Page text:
Personality testing and workplace training

Exploring stakeholders, products and purpose in Western Europe

H. Lundgren, B. Kroon, R.F. Poell

Research output: Contribution to journalArticleScientificpeer-review

Abstract

Purpose
The purpose of this paper is to explore how and why personality tests are used in workplace training. This research paper is guided by three research questions that inquire about the role of external and internal stakeholders, the value of psychometric and practical considerations in test selection, and the purpose of personality test use in workplace training.
Design/methodology/approach
This research paper uses multiple-case study analysis. Interviews, test reports, product flyers and email correspondence were collected and analyzed from publishers, associations, psychologists and human resource development (HRD) practitioners in Germany, the UK and The Netherlands between 2012 and 2016.
Findings
Themes emerge around industry tensions among practitioners and professional associations, psychologists and non-psychologists. Ease of use is a more important factor than psychometrics in the decision-making process. Also, practitioners welcome publishers that offer free coaching support. In the process of using tests for development rather than assessment, re-labeling takes place when practitioners and publishers use positive terms for personality tests as tools for personal stocktaking and development.
Research limitations/implications
Despite extensive data collection and analysis efforts, this study is limited by its focus on a relatively small number of country cases and stakeholders per case.
Practical implications
By combining scientific evidence with practical application, stakeholders can take first steps toward more evidence-based HRD practice around personality testing in workplace training.
Originality/value
Little academic literature exists on the use of personality testing in workplace training. Without a clear understanding of the use of personality testing outside personnel selection, the current practice of personality tests for developmental purposes could raise ethical concerns about the rights and responsibilities of test takers.
Original languageEnglish
Pages (from-to)198-221
JournalEuropean Journal of Training and Development
Volume41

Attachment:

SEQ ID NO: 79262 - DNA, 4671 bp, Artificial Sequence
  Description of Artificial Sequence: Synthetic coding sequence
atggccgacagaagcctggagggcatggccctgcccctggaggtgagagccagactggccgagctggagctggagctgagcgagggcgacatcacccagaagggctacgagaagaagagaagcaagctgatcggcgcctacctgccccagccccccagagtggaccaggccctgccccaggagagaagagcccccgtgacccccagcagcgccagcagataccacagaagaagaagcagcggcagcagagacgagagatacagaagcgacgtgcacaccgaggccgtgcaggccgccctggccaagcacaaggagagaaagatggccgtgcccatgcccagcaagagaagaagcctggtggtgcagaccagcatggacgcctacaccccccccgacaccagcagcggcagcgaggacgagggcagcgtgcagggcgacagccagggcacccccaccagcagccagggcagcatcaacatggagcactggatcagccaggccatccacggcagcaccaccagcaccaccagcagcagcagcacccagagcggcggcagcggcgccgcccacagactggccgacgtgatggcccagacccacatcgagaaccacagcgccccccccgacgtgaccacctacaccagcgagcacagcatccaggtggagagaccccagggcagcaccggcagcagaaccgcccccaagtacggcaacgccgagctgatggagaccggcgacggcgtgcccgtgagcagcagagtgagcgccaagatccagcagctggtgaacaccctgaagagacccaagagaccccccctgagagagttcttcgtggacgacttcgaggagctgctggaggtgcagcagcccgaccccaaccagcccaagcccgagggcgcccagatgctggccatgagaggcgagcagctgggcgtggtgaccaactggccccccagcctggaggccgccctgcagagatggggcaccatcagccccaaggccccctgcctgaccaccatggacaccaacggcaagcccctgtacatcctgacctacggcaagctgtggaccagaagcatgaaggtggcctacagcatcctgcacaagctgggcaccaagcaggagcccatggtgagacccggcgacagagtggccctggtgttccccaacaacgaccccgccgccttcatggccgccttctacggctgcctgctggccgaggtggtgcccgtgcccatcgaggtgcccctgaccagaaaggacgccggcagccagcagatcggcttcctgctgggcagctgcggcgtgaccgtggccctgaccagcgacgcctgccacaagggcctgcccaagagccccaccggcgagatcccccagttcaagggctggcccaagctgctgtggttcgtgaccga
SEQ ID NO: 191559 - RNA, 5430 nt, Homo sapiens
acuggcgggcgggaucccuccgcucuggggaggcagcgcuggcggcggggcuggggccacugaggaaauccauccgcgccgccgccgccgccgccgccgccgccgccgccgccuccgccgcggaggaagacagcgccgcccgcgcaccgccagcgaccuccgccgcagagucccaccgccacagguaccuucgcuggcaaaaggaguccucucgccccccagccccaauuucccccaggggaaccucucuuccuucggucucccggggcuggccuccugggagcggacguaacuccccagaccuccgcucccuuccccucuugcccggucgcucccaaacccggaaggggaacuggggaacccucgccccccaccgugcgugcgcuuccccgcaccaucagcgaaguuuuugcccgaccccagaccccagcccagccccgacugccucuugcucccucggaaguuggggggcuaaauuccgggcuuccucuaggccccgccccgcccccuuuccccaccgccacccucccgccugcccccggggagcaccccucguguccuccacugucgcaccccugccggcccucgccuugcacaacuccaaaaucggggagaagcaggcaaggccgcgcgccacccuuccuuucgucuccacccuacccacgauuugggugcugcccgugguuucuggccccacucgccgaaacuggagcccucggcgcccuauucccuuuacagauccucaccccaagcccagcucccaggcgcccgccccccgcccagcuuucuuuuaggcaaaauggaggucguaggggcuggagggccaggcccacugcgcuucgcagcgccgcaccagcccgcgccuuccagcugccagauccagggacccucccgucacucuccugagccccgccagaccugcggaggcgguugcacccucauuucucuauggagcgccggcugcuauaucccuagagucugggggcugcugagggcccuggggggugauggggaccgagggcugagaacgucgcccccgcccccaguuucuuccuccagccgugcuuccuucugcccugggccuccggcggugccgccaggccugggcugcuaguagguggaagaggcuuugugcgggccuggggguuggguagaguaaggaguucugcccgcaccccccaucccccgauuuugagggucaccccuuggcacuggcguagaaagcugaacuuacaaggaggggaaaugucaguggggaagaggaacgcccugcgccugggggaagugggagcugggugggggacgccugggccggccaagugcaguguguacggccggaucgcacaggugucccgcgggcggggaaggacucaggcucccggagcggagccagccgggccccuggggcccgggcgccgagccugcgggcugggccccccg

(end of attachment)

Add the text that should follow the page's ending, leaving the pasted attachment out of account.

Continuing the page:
Issue number3
DOIs
Publication statusPublished - 2017

Fingerprint

Stakeholders
Personality tests
Workplace training
Testing
Human resource development
Psychometrics
Multiple case study
Industry
Ease of use
Professional associations
Electronic mail
Germany
Evidence-based
Labeling
Data collection
Decision-making process
Factors
Responsibility
Personnel selection
Design methodology

Cite this

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abstract = "PurposeThe purpose of this paper is to explore how and why personality tests are used in workplace training. This research paper is guided by three research questions that inquire about the role of external and internal stakeholders, the value of psychometric and practical considerations in test selection, and the purpose of personality test use in workplace training.Design/methodology/approachThis research paper uses multiple-case study analysis. Interviews, test reports, product flyers and email correspondence were collected and analyzed from publishers, associations, psychologists and human resource development (HRD) practitioners in Germany, the UK and The Netherlands between 2012 and 2016.FindingsThemes emerge around industry tensions among practitioners and professional associations, psychologists and non-psychologists. Ease of use is a more important factor than psychometrics in the decision-making process. Also, practitioners welcome publishers that offer free coaching support. In the process of using tests for development rather than assessment, re-labeling takes place when practitioners and publishers use positive terms for personality tests as tools for personal stocktaking and development.Research limitations/implicationsDespite extensive data collection and analysis efforts, this study is limited by its focus on a relatively small number of country cases and stakeholders per case.Practical implicationsBy combining scientific evidence with practical application, stakeholders can take first steps toward more evidence-based HRD practice around personality testing in workplace training.Originality/valueLittle academic literature exists on the use of personality testing in workplace training. Without a clear understanding of the use of personality testing outside personnel selection, the current practice of personality tests for developmental purposes could raise ethical concerns about the rights and responsibilities of test takers.",
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Personality testing and workplace training : Exploring stakeholders, products and purpose in Western Europe. / Lundgren, H.; Kroon, B.; Poell, R.F.

In: European Journal of Training and Development, Vol. 41, No. 3, 2017, p. 198-221.

Research output: Contribution to journalArticleScientificpeer-review

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